A generic stretchy header for UITableView and UICollectionView
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Latest commit 34ecdaa Jan 15, 2018

README.md

GSKStretchyHeaderView, by gskbyte

License Platform Carthage compatible Version

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Example 1 Example 2 Example 3 Example 4 Example 5

GSKStretchyHeaderView is an implementation of the stretchy header paradigm as seen on many apps, like Twitter, Spotify or airbnb. It's designed in order to accomplish the following requirements:

  • Compatibility with UITableView and UICollectionView
  • Data source and delegate independency: can be added to an existing view controller withouth interfering with your existing delegate or dataSource
  • Provide support for frame layout, auto layout and Interface Builder .xib files
  • No need to subclass a custom view controller or to use a custom UICollectionViewLayout
  • Simple usage: just implement your own subclass and add it to your UIScrollView subclass
  • Two expansion modes: the header view can grow only when the top of the scroll view is reached, or as soon as the user scrolls down.

If you are using this library in your project, I would be more than glad to know about it!

Usage

To add a stretchy header to your table or collection view, you just have to do this:

var stretchyHeader: GSKStretchyHeaderViewSubclass!

...

func viewDidLoad() {
    super.viewDidLoad()
    let headerSize = CGSize(width: self.tableView.frame.size.width, 
                            height: 200) // 200 will be the default height
    self.stretchyHeader = GSKStretchyHeaderViewSubclass(frame: CGRect(x: 0, y: 0,
                                                                      width: headerSize.width,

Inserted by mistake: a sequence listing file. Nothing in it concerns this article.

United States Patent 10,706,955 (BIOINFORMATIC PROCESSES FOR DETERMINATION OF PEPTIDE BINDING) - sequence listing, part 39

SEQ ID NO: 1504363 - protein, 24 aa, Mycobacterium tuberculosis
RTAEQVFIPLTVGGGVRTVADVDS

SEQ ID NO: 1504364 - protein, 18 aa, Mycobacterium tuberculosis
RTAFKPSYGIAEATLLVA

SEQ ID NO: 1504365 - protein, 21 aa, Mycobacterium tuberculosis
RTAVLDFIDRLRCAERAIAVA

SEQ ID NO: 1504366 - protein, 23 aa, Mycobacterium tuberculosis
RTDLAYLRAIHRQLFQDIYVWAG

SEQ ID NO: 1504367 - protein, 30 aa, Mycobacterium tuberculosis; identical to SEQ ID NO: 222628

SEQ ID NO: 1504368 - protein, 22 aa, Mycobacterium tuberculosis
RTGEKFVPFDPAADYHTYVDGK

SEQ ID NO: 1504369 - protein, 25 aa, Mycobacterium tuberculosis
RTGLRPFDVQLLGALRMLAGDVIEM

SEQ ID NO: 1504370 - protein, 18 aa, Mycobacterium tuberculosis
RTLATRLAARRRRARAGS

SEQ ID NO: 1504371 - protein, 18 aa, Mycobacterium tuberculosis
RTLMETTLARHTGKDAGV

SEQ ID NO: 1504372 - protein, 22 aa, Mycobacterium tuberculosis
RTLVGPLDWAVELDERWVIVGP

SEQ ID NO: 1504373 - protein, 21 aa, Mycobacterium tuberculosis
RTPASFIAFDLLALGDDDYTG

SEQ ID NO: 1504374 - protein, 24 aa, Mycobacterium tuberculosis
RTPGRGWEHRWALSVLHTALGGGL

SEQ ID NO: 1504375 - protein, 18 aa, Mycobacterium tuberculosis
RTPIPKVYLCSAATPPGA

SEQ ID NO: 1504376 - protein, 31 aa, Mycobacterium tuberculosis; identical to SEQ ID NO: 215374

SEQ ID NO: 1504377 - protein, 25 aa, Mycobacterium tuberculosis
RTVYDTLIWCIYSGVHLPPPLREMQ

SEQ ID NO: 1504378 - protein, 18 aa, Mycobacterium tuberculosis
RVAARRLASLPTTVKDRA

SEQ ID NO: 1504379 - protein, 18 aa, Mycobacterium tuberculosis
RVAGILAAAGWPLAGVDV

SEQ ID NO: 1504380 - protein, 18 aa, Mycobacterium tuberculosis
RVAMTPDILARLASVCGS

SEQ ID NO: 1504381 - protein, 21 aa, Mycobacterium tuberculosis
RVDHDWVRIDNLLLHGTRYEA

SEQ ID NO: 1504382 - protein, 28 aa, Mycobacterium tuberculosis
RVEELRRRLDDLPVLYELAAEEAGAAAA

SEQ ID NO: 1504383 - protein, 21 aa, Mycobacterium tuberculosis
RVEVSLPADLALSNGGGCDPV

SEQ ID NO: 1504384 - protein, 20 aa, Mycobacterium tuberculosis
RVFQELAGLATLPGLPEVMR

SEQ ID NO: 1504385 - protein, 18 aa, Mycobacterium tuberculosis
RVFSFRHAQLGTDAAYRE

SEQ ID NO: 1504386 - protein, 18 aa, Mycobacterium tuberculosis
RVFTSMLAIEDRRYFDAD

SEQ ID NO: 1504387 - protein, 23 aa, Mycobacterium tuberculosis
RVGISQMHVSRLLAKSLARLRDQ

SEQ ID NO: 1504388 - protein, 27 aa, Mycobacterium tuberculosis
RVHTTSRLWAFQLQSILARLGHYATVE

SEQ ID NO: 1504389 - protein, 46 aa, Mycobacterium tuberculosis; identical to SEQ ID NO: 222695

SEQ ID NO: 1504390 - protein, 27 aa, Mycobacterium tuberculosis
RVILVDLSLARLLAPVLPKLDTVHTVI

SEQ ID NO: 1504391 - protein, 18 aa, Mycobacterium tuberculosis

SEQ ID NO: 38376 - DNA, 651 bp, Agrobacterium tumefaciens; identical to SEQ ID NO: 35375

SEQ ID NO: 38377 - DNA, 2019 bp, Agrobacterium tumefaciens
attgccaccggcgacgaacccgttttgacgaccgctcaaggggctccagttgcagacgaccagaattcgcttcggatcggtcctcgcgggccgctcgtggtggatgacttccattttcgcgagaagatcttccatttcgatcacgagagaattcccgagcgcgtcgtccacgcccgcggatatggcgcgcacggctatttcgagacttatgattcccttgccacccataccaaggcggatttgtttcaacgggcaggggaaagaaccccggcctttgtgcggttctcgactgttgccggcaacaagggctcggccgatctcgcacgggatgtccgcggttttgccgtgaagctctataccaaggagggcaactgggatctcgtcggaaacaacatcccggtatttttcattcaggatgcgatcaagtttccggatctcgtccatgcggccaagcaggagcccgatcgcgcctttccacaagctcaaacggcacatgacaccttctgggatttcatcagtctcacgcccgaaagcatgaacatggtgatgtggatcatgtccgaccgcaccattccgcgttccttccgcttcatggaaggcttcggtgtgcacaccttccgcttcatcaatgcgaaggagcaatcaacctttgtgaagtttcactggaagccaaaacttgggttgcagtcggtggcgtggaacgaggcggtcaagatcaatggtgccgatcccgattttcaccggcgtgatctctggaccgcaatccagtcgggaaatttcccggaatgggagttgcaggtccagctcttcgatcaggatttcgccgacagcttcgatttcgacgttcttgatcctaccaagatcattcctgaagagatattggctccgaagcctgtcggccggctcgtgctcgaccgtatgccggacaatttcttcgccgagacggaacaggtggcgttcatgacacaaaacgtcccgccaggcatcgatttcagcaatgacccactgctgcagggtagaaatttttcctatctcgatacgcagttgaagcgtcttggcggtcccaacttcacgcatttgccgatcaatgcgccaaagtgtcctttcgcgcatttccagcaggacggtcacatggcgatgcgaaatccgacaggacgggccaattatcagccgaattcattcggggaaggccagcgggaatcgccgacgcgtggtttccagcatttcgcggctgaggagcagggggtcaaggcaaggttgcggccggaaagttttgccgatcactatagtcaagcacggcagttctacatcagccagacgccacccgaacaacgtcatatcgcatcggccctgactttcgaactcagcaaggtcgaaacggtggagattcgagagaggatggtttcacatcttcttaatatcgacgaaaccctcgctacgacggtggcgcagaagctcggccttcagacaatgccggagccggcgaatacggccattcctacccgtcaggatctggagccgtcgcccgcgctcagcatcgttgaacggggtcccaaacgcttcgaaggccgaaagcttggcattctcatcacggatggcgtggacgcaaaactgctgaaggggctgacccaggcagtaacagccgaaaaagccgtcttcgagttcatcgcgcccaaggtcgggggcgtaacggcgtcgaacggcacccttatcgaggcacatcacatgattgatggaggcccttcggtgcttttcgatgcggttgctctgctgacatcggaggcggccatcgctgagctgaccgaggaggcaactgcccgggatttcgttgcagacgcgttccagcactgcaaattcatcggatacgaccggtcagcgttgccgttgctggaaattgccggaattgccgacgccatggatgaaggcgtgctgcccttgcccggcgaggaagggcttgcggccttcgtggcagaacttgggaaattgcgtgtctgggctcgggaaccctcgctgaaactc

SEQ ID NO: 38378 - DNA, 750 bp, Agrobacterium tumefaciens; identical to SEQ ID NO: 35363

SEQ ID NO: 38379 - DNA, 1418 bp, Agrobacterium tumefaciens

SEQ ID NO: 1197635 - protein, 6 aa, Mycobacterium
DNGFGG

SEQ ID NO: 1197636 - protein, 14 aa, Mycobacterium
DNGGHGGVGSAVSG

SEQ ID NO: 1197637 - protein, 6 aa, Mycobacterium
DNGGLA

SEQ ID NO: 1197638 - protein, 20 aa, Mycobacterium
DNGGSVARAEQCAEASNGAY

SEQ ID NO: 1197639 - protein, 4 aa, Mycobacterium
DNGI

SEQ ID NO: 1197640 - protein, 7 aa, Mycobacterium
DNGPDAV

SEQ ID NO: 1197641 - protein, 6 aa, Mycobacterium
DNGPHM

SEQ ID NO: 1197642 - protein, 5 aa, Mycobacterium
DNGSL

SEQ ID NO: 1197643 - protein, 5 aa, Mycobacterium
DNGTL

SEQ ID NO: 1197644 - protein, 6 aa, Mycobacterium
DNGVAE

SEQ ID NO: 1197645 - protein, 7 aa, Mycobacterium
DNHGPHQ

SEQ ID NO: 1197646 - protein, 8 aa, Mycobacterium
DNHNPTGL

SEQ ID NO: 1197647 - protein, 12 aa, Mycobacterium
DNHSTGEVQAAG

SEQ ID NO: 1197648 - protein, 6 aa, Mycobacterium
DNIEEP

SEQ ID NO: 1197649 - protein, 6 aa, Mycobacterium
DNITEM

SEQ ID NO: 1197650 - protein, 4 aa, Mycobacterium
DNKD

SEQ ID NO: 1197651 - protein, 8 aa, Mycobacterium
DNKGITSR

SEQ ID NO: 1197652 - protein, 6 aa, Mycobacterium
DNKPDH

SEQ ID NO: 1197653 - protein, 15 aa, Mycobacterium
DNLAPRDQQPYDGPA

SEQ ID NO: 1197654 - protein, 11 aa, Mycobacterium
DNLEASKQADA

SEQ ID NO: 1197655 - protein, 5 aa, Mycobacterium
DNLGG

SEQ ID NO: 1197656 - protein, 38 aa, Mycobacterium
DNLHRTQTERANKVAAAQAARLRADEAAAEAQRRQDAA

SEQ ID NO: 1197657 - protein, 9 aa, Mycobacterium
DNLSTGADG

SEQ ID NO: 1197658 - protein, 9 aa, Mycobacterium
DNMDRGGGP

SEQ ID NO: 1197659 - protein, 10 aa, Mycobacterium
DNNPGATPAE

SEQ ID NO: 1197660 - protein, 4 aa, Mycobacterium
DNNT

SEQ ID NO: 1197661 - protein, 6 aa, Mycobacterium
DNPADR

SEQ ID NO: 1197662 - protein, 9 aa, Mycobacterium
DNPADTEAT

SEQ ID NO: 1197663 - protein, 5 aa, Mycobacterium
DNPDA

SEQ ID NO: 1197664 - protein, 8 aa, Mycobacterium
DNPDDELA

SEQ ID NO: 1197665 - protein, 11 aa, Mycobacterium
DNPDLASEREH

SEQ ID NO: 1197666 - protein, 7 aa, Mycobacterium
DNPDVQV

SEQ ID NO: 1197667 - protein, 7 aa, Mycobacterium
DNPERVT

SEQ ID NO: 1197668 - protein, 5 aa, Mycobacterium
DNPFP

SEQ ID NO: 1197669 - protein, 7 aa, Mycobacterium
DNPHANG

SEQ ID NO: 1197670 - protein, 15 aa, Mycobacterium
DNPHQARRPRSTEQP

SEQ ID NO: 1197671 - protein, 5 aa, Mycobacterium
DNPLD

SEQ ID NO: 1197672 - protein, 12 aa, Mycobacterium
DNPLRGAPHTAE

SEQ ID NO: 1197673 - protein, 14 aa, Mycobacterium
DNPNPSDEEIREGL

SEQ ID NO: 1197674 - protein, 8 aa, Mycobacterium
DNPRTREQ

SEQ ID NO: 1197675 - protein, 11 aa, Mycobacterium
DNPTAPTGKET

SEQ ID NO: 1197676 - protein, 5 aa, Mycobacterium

height: headerSize.height))
    self.stretchyHeader.delegate = self // this is completely optional
    self.tableView.addSubview(self.stretchyHeader)
}

or

func viewDidLoad() {
    super.viewDidLoad()
    let nibViews = Bundle.main.loadNibNamed("GSKTabsStretchyHeaderView", owner: self, options: nil)
    self.stretchyHeaderView = nibViews.firstObject
    self.tableView.addSubview(self.stretchyHeaderView)
}

Compatibility with iOS 11 and the iPhone X

After the changes introduced in iOS 11, some issues have appeared with the safe area adjustments to scroll views. To avoid glitches and strange behaviours, just do the following when you set up your header view:

if #available(iOS 11.0, *) {
    self.tableView.contentInsetAdjustmentBehavior = .never
}

For the time being, we haven't found a better way to deal with the contentInset adjustment, so the support for the iPhone X and the safeAreaInsets is not there yet. This may require a major refactor of the header view and a major release. For more information, see this issue and this PR (#68).

Configuration

You can change multiple parameters in your stretchy header view:

// you can change wether it expands at the top or as soon as you scroll down